This week the British Medical Association starts its campaign against the government's polyclinic proposals. There will be posters and leaflets in every GP surgery. I've already had a preview of what this entails when I visited my local medical centre the other day.
Before I had even checked in, I was urged to sign that BMA infamous petition. Being a bolshie sort of person I declined, pointing out that I was not in the habit of signing petitions until I had acquainted myself with both sides of the argument.This remark produced a disdainful shrug from the lady behind the counter and when I added that I thought that this was multi-GP centre anyway, she retorted rather sharply "Oh no, the new clinics will have dozens of doctors and you'll be lucky to see the same one twice".
The petition form was almost full and I felt my anger rising as I realised that this BMA propaganda exercise was being repeated in surgeries across the nation (which was particularly unfortunate as I was about to have my blood-pressure checked). Quite apart from the ethics of foisting this kind of one-sided material on vulnerable patients visiting a surgery, not properly answered it could only provide another reason for not voting Labour at the next election.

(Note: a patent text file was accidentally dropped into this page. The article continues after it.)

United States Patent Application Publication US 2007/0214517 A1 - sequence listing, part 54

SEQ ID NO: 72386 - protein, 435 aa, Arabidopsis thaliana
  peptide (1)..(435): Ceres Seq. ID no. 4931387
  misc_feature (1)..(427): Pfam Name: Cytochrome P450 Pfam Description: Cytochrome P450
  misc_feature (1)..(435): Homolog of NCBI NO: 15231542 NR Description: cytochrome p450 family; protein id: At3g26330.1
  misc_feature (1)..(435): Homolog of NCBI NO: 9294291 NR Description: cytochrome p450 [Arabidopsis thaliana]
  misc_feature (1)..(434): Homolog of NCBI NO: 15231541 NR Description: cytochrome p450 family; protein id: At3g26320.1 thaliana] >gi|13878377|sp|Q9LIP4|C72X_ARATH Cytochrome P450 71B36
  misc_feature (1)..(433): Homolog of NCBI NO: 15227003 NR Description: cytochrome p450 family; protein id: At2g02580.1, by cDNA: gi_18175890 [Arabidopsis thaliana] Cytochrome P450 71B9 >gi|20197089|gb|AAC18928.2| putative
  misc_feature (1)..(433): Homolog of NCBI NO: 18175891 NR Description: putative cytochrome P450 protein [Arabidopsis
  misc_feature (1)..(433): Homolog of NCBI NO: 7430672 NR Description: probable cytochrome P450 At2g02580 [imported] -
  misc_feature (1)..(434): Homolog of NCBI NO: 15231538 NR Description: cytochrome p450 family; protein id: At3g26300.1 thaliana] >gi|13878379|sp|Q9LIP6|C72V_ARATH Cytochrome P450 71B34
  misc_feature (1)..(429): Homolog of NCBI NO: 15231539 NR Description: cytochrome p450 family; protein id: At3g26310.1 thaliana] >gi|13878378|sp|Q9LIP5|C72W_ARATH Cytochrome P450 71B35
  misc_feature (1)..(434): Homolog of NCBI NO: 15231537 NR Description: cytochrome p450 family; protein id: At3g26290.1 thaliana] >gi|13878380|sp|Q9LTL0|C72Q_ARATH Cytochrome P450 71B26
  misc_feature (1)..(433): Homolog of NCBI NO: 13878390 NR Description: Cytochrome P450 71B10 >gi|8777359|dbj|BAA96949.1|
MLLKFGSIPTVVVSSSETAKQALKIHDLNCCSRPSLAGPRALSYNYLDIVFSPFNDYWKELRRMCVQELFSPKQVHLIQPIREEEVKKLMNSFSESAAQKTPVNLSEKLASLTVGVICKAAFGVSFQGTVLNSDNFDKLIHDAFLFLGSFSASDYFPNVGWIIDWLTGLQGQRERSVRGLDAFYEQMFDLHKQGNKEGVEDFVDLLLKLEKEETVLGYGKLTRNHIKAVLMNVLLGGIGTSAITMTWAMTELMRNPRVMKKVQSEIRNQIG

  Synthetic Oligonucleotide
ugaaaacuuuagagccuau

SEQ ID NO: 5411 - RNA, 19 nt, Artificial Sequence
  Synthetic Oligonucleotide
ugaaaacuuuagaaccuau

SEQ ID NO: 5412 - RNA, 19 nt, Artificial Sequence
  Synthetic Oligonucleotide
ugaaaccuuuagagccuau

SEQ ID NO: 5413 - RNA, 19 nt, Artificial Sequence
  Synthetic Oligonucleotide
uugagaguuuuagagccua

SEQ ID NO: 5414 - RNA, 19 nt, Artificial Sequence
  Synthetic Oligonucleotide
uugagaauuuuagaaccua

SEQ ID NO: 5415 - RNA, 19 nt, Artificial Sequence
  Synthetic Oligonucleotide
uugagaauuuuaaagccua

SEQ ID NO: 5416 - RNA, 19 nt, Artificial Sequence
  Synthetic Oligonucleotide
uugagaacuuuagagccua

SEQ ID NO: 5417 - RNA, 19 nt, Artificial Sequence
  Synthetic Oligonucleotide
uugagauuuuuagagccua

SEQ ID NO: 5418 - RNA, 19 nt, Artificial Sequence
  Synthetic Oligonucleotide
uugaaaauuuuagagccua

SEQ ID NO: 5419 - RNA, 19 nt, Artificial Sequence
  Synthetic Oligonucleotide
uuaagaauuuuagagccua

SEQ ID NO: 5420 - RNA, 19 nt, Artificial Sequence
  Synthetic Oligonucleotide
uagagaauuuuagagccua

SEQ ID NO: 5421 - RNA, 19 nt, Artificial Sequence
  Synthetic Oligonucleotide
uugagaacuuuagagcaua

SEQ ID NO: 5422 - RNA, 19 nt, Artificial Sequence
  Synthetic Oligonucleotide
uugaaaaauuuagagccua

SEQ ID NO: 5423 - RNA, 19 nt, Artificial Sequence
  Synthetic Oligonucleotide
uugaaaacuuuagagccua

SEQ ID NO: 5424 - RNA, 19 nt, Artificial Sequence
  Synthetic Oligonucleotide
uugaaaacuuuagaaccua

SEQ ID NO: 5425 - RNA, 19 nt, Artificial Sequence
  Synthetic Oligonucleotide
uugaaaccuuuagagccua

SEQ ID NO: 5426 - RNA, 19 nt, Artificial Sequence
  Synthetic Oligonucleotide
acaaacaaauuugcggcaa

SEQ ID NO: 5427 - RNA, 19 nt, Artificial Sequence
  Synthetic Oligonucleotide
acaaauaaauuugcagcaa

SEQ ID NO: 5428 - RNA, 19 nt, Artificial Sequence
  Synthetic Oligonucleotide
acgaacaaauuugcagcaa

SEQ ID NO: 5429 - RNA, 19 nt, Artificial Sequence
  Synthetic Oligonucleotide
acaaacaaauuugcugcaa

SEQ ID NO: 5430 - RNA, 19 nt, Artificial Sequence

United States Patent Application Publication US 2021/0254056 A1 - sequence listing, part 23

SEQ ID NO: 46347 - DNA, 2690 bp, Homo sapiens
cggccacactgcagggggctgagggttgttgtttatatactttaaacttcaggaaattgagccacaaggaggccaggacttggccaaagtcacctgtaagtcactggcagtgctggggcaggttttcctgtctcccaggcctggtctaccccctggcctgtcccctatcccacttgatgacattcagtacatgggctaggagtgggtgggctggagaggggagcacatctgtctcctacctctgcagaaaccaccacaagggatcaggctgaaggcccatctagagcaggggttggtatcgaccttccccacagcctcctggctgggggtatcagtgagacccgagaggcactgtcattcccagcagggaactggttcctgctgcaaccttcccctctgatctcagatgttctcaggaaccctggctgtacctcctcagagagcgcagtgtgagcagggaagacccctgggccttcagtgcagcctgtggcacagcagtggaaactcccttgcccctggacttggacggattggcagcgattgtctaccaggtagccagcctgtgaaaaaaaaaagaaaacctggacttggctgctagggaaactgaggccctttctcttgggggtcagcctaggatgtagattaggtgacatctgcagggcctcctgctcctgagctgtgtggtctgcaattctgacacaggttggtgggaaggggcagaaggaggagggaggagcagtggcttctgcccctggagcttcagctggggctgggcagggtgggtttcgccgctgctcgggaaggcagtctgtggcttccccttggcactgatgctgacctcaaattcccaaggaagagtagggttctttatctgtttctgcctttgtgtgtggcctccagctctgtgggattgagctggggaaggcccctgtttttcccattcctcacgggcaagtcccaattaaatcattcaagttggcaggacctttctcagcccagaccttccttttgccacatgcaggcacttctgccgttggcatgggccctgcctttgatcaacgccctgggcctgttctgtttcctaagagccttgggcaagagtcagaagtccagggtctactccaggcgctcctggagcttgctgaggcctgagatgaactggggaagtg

Which brings me to how the government are responding to this insidious campaign. So far I have only seen Alan Johnson's excellent article in the current issue of the Observer. Presumably more will be said by Ministers in the coming days and weeks. But given the emotional pull of the BMA propaganda in the "Trust me I'm a doctor" atmosphere of the surgery this is not enough. The government (or the Party) should be insisting on the surgeries displaying the case for polyclinics alongside the BMA material, to at least give patients the opportunity of considering the pros and cons of this vital issue before making up their minds. Alan Johnson's piece would be a start but even better would be Polly Toynbee's hard-hitting polemic in last Friday's Guardian
If Whitehall and Victoria Street are reluctant to take this on, how about you dear reader? I have already sent copies of these two articles to my local practice and I would urge you to do the same. The surgeries' response will make a good story about polyclinics for the local newspaper. If you are concerned about how such action will affect your treatment in the surgery, surely the prospect of having the needle plunged in a little more vigorously than usual is a small price to pay for doing your bit for the party.